Eternal Fair (from left) Chris Jones, Andrew Vait & Daniel Nash

By Amy M Huber

I am pretty new to this review thing, so bear with me. Perhaps, some of you can relate; I am a fan of music but not a musician. I mean, I really love music: I seem to date more musicians than are in the Seattle Symphony and yet at best I can play Hot Cross Buns on the recorder. So I am going to give you this review as an outside viewer, as a music fan and a fellow artist.


Walking with my friend into the back room of Liberty on Capitol Hill, I immediately noticed the lovely art design on Seattle band  Eternal Fair’s new album hanging in a large-scale format on the side wall.  The room was full with people who seemed fairly excited with ears ready to listen.  As we sat down on the black leather couch Chris Jones, the band’s bass player enthusiastically chatted with me about the origin of the album cover design (by Ms Brie Elam).  “There is a 60’s influence” said Chris.  Originally hailing from Alaska, Eternal Fair used used mountain landscapes, photographed by Scott Dickerson, for the basis of the album cover design.

Eternal Fair has released an EP in the past but this particular event was being held as an opportunity to listen to their first full album release, The Horse That Carries the Wheel.  I must tell you, the lead singer and guitar player, Andre Vait’s excitement was full-blown for as the first notes of the album began, he donned a rubber horse head and galloped in celebration around the room to the first track appropriately labeled, The Horse that Carries the Wheel. While listening I met a local fella who knew Chris from spending time around 15th Avenue and was curious about his band.   As a visual artist I was drawn to the mesmerizing graphic displays on the big screen, that bumped and reacted in time with the melodies and at times strong bass lines of the album.  The most standout song to me was called Michael John.  The chorus of this song stuck with me this morning as I rolled out of bed.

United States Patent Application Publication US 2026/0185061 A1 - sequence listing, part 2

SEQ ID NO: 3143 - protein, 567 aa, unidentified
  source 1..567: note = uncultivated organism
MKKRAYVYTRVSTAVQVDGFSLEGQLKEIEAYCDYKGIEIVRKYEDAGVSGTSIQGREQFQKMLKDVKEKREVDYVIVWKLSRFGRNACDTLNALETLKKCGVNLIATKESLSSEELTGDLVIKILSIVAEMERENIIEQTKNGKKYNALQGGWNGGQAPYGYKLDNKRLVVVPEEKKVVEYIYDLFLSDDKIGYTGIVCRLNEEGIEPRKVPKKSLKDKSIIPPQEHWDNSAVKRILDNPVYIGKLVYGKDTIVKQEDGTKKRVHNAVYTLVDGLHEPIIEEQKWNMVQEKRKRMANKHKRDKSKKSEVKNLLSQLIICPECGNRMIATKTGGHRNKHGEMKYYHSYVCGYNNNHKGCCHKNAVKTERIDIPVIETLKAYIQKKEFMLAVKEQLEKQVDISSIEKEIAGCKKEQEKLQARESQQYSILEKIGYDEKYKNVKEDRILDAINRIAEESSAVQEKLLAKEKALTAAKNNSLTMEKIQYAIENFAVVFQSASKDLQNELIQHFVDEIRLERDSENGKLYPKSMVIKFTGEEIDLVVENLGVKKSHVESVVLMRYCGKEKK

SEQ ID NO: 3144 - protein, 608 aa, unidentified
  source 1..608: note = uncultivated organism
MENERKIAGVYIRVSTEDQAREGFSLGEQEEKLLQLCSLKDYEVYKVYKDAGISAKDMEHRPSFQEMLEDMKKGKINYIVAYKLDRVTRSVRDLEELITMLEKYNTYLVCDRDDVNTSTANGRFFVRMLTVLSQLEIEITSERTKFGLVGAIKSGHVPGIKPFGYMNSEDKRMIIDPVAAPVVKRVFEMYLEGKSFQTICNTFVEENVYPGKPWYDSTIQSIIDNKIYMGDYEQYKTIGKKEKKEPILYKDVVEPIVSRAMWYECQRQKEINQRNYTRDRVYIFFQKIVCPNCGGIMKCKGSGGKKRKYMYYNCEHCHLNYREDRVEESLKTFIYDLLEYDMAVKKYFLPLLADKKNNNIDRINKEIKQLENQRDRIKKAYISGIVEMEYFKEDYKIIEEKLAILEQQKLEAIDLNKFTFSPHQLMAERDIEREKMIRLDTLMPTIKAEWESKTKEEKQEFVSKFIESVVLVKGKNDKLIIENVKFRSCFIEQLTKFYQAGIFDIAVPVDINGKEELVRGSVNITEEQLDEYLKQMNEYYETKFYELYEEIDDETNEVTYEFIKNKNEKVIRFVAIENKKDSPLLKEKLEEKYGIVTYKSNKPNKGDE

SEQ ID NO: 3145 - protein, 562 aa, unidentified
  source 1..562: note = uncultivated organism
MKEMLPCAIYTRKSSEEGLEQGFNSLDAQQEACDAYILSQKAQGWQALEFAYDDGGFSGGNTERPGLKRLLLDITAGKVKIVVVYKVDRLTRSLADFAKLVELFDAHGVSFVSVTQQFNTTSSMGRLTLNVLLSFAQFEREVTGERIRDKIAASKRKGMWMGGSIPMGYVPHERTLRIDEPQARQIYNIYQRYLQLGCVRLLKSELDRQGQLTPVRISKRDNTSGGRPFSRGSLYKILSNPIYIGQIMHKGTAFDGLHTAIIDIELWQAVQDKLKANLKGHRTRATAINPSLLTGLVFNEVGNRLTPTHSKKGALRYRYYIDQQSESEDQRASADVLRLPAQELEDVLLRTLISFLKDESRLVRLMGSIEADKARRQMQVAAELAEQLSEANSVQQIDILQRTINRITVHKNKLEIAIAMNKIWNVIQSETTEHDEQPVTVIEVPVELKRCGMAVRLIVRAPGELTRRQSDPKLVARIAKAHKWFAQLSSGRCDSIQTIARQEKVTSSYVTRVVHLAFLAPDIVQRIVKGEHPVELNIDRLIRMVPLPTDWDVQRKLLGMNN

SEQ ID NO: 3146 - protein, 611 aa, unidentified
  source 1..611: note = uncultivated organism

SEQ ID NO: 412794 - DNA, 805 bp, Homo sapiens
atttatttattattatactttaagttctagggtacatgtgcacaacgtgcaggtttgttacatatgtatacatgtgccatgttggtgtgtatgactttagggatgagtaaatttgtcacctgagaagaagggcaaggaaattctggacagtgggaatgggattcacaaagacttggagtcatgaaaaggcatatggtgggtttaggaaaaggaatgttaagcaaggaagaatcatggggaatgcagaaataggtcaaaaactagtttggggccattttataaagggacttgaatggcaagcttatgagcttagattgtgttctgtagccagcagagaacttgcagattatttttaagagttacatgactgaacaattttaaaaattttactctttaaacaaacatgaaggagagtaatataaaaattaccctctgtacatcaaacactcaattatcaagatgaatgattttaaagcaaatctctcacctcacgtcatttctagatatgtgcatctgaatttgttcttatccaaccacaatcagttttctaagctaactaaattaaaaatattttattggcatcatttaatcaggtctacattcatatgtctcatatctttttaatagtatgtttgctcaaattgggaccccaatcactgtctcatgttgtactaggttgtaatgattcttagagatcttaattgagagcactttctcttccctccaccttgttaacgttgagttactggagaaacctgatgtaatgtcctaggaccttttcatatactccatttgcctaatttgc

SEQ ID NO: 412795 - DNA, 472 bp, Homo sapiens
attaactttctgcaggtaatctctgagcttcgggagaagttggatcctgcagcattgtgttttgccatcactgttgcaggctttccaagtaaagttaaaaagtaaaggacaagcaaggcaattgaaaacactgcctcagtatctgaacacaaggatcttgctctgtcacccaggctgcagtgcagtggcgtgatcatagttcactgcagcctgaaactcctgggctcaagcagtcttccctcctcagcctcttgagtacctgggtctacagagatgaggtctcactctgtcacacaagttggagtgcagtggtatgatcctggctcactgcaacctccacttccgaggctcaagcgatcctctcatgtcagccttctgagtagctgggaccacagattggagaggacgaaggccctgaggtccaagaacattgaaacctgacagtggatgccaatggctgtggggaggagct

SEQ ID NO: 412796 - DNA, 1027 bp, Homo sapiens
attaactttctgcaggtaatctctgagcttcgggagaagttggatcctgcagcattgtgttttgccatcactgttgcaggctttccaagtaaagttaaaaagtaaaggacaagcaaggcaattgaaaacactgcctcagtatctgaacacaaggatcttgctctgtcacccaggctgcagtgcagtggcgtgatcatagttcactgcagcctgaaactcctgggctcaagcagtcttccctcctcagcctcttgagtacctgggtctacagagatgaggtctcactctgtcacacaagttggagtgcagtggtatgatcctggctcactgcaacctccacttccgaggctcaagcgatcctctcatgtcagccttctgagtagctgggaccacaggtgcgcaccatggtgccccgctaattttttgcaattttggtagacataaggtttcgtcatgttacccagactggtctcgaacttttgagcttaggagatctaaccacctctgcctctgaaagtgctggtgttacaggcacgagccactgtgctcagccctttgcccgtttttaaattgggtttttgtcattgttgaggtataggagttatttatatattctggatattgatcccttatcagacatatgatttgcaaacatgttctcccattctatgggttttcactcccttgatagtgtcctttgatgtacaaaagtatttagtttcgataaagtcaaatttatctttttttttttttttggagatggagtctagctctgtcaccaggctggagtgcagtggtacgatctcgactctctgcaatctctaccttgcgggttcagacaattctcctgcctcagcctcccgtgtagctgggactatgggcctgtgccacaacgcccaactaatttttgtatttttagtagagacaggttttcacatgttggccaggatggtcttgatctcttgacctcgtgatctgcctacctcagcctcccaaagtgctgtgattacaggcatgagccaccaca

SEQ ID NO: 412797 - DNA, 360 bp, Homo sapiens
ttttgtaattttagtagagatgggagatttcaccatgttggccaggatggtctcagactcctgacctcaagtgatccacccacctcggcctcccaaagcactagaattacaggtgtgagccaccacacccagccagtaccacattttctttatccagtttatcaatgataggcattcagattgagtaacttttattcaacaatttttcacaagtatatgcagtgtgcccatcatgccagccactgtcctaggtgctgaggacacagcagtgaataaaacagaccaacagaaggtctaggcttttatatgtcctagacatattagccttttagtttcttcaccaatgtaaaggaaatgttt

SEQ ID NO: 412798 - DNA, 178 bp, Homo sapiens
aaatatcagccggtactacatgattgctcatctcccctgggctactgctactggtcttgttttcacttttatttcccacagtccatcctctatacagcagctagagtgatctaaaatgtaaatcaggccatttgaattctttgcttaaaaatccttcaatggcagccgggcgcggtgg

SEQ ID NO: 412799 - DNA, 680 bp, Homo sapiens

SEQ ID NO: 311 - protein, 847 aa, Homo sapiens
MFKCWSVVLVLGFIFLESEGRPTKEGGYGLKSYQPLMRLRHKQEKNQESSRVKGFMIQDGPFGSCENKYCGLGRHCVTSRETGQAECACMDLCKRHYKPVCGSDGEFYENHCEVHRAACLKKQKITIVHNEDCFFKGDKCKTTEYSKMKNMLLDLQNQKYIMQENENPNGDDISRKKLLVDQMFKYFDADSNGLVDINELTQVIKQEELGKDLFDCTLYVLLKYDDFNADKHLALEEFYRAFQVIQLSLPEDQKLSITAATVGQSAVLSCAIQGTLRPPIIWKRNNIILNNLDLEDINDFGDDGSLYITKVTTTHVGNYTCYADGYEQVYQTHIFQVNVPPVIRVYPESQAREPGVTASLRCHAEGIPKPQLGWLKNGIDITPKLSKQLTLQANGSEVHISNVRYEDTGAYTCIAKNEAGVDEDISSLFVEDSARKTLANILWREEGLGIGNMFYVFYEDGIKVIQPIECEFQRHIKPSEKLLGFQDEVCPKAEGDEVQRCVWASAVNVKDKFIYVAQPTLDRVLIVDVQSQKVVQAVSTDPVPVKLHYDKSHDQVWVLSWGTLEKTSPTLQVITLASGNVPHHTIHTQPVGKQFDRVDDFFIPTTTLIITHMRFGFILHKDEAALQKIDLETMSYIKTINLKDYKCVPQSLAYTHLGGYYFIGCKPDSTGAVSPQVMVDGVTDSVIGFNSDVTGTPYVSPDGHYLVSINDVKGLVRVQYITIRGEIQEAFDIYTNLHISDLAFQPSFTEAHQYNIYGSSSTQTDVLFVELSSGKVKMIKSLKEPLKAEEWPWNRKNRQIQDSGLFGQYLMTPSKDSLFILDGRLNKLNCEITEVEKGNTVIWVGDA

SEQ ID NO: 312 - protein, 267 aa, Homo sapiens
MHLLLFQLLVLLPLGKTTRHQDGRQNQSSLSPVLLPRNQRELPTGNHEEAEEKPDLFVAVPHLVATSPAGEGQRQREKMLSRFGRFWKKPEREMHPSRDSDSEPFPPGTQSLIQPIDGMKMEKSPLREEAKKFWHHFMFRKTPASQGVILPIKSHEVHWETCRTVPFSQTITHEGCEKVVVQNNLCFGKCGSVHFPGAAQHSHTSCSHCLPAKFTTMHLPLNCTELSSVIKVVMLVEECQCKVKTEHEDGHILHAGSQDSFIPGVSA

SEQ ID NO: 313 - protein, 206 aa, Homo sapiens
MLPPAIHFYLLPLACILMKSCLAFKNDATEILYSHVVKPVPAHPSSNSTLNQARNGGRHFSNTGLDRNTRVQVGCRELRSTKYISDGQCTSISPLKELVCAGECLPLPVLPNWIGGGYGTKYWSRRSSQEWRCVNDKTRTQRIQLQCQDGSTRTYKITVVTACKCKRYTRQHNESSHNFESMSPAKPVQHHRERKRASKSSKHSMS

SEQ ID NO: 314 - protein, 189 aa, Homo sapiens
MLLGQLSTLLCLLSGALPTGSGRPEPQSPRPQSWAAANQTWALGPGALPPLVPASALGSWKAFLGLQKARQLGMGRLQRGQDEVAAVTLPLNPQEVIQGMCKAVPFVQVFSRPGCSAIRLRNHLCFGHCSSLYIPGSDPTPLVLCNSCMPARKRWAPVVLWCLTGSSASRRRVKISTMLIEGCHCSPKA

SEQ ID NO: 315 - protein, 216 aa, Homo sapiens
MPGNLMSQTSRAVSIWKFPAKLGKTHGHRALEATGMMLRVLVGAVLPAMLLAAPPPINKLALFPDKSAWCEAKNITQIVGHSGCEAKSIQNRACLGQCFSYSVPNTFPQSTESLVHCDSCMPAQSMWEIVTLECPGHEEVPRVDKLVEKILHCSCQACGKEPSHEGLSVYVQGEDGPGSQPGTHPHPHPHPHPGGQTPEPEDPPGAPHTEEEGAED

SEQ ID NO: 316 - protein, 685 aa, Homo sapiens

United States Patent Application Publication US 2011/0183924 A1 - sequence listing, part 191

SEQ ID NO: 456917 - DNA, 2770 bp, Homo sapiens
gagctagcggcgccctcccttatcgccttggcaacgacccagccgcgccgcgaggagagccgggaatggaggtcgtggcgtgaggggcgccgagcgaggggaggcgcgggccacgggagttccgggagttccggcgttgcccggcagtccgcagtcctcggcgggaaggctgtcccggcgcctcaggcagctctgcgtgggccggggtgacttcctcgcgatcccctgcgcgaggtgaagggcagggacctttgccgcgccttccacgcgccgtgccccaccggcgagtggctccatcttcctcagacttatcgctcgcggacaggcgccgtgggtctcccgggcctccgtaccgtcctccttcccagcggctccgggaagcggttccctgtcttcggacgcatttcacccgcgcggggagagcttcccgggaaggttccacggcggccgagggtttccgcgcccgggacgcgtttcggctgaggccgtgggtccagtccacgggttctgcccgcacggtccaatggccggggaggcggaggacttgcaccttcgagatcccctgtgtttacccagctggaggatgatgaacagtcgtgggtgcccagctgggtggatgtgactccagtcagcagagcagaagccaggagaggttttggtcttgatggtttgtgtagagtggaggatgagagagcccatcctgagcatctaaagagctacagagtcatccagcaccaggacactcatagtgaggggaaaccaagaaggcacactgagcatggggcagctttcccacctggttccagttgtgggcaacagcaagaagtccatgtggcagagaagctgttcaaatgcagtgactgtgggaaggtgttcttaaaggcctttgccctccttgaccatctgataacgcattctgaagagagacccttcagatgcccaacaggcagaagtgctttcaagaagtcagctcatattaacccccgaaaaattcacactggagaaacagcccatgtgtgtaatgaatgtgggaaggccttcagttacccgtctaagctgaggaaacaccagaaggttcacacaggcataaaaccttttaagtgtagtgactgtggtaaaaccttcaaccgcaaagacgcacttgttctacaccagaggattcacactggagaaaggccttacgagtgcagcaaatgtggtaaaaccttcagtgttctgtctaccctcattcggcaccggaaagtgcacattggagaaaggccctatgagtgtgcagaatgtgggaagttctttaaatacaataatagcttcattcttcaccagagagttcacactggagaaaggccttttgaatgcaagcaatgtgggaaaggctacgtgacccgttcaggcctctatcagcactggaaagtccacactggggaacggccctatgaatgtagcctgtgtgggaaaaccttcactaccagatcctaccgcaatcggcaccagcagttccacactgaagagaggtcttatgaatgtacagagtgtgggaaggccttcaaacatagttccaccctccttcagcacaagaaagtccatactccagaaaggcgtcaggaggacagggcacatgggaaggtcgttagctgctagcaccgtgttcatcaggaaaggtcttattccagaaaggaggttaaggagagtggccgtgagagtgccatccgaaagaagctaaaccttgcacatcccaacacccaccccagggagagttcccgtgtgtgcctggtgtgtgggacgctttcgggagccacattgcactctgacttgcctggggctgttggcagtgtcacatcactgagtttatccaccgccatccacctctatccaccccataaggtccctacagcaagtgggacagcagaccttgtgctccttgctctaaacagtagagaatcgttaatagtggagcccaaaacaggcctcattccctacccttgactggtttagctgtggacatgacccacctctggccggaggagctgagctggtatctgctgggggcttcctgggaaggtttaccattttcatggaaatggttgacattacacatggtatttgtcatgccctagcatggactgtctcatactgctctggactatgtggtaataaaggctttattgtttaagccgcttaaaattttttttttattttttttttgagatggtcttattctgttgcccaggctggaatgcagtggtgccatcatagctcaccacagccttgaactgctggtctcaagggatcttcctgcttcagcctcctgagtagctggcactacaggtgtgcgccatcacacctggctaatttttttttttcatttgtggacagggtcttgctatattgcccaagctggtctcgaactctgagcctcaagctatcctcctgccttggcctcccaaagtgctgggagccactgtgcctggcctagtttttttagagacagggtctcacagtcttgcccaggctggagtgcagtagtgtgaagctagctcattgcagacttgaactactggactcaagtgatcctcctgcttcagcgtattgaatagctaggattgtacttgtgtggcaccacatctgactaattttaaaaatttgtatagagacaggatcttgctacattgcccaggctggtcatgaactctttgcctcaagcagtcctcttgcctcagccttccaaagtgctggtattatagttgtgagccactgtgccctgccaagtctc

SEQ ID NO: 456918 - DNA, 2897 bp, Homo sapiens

For the actual Album Release show, another friend and I arrived at the lovely Columbia City Theater just in time to order a slider (which amazingly enough almost tricked me into thinking it was actual meat) along with two glasses of whiskey-ginger (one for my friend and one for me) and meandered our way to middle of the audience for a better view of the show.  Again, the visuals on the wall caught my eye as a toothbrush, sitting on the ledge of an open window watched the feet and legs of pedestrians prancing by.  And then the familiar horse head came out again to open the set.  As the words Hello, Hello, Hello rang through the room, the show was in full swing.

Andrew’s voice was beautiful as he crooned the lyrics and after one more drink I decided I had stumbled upon a new Disney movie set with a rock band backing it up. Both the bartender and I agreed that a younger Phil Collins with very well assembled presentation had jumped on stage.  The trio’s band added a fourth member for the evening on the keyboard (Brian Kinsella) and welcomed the tall blonde Meagan Grandall for harmonies at the end of the set for Brightest Star.

Illustration of Andrew Vait wearing his horse head, by Amy M Huber

Illustration of Andrew Vait wearing his horse head, by Amy M Huber

I have to say, that my favorite part of the Eternal Fair’s album release events was witnessing the collaboration and support among a variety of local artists for both visuals and sound. In a society where we are bombarded with so many types of sensory stimuli it’s great when they can combine to provide a balanced experience for the audience.

Eternal Fair is comprised of : Andrew Vait – vocals, guitars, wurlitzer, mellotrons, Chris Jones – bass, vocals, Daniel Nash – drums, vocals, percussion 
To experience the sounds and visuals of Eternal Fair log onto their bandcamp for the track Static Youth (video below) and a chance to purchase their new album. 


Notes from Anna on the author

Amy M. Huber is an illustrator, visual artist and graphic designer living in the Seattle area.  Originally hailing from Texas, Amy much like some of her designs has a sweet and quirky spirit.  Her recent illustration for Aida and the Duke of Doubt is a good example of what I’m talking about.  Amy designed our poster for Light Up The Sky and featured some of her recent sketch book experiment during at our Art Walk booth last summer.  In addition to loving music and musicians, she’s also incredibly generous with her time and her talent in the art community and we remain very pleased and fortunate to have made her acquaintance.

Aida and the Duke of Doubt

2 responses »

  1. chris says:

    rad review!

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